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The Origins of Tiffany Studios

The Origins of Tiffany Studios

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Published by Rob
Learn the history of Tiffany Studios and their advancements in the art of stained glass, pioneered by Louis Comfort Tiffany.
Learn the history of Tiffany Studios and their advancements in the art of stained glass, pioneered by Louis Comfort Tiffany.

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Published by: Rob on Sep 19, 2009
Copyright:Attribution Non-commercial


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Louis Comfort Tiffany viewed life through colorful chips of glass and created art of delicate beauty to show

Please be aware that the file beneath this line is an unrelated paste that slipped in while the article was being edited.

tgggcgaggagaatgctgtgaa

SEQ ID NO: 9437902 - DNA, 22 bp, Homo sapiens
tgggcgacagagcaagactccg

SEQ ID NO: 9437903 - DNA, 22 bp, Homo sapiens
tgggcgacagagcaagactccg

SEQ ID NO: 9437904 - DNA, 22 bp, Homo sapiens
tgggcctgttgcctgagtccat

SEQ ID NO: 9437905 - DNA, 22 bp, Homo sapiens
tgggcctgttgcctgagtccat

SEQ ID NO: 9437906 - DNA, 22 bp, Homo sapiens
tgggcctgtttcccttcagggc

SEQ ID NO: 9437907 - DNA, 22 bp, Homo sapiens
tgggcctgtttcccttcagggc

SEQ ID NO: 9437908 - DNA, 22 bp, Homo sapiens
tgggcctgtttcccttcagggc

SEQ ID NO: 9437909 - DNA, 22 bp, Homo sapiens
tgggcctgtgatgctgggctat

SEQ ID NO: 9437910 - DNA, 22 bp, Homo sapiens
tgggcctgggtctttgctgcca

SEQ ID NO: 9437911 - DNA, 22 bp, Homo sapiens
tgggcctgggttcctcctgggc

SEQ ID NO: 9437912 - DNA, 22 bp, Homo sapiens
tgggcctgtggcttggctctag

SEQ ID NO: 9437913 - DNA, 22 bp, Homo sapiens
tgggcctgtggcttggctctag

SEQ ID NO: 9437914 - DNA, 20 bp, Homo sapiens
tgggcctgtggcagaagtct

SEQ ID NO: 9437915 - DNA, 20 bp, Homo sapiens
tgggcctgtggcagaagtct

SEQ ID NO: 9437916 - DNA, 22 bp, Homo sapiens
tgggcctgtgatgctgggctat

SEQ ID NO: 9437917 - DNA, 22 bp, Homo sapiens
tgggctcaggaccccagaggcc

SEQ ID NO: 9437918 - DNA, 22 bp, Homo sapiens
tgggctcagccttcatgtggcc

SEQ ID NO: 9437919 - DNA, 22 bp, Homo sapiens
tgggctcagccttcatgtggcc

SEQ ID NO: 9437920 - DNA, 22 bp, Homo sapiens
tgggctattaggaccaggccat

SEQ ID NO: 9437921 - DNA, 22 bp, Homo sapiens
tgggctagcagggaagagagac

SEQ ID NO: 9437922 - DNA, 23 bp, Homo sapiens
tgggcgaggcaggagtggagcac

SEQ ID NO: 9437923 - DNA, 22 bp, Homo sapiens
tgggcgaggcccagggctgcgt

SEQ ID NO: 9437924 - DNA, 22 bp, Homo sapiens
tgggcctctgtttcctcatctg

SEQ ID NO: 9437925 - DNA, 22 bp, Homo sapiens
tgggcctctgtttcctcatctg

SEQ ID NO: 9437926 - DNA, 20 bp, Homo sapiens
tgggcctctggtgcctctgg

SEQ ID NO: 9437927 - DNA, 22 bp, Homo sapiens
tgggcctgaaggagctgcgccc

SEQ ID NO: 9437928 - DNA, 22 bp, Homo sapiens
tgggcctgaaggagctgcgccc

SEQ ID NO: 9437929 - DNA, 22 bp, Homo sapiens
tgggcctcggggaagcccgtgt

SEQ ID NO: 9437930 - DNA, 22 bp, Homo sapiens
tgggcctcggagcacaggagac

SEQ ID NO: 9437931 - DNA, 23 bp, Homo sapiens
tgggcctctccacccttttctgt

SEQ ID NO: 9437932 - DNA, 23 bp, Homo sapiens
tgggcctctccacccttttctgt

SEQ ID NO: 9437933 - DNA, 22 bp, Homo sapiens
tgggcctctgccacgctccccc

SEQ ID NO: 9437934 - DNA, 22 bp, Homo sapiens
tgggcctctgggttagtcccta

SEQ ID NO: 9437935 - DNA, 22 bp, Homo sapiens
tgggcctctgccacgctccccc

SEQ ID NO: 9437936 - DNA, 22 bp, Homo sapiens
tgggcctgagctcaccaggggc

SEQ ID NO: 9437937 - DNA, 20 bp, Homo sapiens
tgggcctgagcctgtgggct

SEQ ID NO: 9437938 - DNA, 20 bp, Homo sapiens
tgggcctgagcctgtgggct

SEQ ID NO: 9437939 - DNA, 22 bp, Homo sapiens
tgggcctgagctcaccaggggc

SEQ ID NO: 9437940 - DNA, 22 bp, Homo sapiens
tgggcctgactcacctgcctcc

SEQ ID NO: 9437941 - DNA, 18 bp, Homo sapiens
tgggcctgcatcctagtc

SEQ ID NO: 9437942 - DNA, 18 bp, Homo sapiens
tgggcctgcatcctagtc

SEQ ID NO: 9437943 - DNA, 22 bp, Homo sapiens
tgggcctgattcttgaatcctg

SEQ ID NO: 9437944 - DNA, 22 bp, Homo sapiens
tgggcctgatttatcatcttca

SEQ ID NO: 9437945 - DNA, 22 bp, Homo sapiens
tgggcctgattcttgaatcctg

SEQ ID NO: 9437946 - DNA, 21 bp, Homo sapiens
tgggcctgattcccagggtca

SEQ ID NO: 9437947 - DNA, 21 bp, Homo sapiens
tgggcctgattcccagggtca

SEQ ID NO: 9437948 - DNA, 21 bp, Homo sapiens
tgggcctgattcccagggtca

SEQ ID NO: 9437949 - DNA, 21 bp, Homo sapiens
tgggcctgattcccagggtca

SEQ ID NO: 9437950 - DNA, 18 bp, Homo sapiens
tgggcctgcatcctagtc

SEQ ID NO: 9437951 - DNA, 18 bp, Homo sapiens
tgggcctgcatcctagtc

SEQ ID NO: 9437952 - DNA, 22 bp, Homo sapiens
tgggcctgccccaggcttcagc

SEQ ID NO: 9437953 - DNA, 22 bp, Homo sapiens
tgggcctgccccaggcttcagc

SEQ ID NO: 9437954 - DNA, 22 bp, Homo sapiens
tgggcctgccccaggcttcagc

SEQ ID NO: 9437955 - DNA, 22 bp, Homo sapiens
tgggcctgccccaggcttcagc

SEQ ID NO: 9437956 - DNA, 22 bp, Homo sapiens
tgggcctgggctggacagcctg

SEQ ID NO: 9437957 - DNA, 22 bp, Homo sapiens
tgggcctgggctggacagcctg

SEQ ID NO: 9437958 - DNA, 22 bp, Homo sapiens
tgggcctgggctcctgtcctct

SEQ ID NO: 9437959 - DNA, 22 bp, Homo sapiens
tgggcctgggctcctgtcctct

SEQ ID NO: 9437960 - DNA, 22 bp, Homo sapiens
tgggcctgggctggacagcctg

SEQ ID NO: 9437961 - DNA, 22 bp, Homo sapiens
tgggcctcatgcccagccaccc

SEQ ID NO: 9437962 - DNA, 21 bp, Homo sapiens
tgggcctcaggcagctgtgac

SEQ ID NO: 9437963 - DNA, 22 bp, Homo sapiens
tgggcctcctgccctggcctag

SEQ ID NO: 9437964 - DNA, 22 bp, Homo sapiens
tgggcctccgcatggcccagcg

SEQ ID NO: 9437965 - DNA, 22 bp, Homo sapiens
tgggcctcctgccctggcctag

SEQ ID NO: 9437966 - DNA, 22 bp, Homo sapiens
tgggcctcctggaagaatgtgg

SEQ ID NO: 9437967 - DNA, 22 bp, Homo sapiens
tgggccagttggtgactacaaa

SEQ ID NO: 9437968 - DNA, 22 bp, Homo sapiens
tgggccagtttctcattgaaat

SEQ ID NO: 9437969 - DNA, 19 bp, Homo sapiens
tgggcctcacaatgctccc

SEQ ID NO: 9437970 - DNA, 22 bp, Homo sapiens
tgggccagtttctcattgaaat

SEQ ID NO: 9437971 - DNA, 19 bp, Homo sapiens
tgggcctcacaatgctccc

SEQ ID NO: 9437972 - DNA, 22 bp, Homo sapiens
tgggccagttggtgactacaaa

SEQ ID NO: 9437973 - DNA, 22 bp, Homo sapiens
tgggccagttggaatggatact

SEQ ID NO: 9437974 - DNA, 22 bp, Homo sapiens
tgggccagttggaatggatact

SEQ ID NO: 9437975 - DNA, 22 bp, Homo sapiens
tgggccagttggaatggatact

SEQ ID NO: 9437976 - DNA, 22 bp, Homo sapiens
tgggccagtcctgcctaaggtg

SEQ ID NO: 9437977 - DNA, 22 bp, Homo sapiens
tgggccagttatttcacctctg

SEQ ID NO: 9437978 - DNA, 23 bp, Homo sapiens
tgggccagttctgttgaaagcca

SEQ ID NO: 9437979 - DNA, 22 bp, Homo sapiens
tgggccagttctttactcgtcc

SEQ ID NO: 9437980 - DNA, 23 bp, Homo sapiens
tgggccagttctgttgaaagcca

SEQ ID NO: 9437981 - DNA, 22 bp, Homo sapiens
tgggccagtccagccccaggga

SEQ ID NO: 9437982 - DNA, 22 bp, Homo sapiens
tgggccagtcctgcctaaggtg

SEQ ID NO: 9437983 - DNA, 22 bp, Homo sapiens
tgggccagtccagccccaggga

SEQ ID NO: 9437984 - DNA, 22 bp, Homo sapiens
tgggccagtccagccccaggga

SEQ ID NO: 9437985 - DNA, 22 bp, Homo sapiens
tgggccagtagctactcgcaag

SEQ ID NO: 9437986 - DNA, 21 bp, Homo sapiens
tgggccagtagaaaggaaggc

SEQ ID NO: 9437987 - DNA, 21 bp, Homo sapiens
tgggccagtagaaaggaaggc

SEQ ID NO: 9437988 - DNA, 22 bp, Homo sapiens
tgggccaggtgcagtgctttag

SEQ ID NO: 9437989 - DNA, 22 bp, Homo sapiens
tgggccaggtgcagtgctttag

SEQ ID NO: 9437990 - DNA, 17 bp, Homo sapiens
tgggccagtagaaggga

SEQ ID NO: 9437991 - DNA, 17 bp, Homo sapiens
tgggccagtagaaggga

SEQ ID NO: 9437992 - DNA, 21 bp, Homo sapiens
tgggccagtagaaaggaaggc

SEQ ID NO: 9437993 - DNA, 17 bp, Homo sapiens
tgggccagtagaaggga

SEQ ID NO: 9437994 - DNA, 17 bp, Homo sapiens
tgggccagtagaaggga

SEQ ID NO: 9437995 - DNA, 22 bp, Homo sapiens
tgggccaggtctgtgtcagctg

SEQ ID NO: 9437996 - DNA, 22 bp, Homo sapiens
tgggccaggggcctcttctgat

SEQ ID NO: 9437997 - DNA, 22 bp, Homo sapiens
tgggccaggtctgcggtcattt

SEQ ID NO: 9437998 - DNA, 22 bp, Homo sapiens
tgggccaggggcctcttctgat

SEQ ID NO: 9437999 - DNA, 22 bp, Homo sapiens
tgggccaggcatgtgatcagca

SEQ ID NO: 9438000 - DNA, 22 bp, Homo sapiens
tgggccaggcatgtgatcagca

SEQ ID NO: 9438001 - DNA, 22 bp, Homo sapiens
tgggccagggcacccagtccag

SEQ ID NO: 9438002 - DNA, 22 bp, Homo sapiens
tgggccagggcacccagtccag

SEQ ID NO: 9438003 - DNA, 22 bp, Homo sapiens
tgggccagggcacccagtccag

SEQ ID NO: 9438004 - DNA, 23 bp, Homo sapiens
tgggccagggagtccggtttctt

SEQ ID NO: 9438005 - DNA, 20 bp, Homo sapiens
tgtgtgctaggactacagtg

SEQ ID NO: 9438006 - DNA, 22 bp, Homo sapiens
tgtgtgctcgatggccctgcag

us his vision. Known for his intricate designs, using left-over glass from the windows he created, Tiffany Lamps are prestigious additions to any home's decor with lasting appeal. Recreated utilizing Tiffany s unique methods, craftsmen craft Tiffany Lamp styles that enhance home lighting concepts today. But how did the innovator of Art Nouveau begin what is now known as Tiffany Studios? The path began with Tiffany s love of art drawing him away from the family's successful silver business. With travels to Europe, exposure to the works of fellow artists and melding minds with the bright Thomas Edison, Tiffany Studios became an influential producer of stained-glass windows, pottery, jewelry, art glass. They are renowned for the The Holy City, a 58 panel stained glass window created by Tiffany and on view today in Brown Memorial Presbyterian Church in Baltimore, Maryland. At its peak, Tiffany Studios employed over 300 artisans, and decorated houses for famous names such as Mark Twain and President Chester A. Arthur to name a few. Among those artisans, a group of anonymous women that worked in the Women s Glass Cutting Department, supervised by Clara Driscoll, contributed to the success of Tiffany Studios. Driscoll was hired by Tiffany in 1888 after completing studies at the Metropolitan Museum Art School. Prior to her arrival, the Tiffany Lamp was static and had a geometric feel. It wasn t until recently that the world discovered that Driscoll was the creative force behind some of the famous Tiffany style lighting designs. When Tiffany Studio closed in 1930, all records were lost. Discoveries of historical letters written by Driscoll to her mother and sister were evidence to show that she and the Tiffany girls were the creative forces behind Tiffany s most famous designs. She and her girls brought femininity into the Tiffany lamp, and it is now known that they were the creators of the Dragonfly, Peony and The Wisteria. Driscoll s first design for Tiffany was the Daffodil. Her career ended in 1908 because she remarried after being a window for some time. It was against the studio s policy to work while being married. Tiffany died in 1933; however, the legacy of the studio continues. Leaving a glass-shaped print on the art world, his work is classic.

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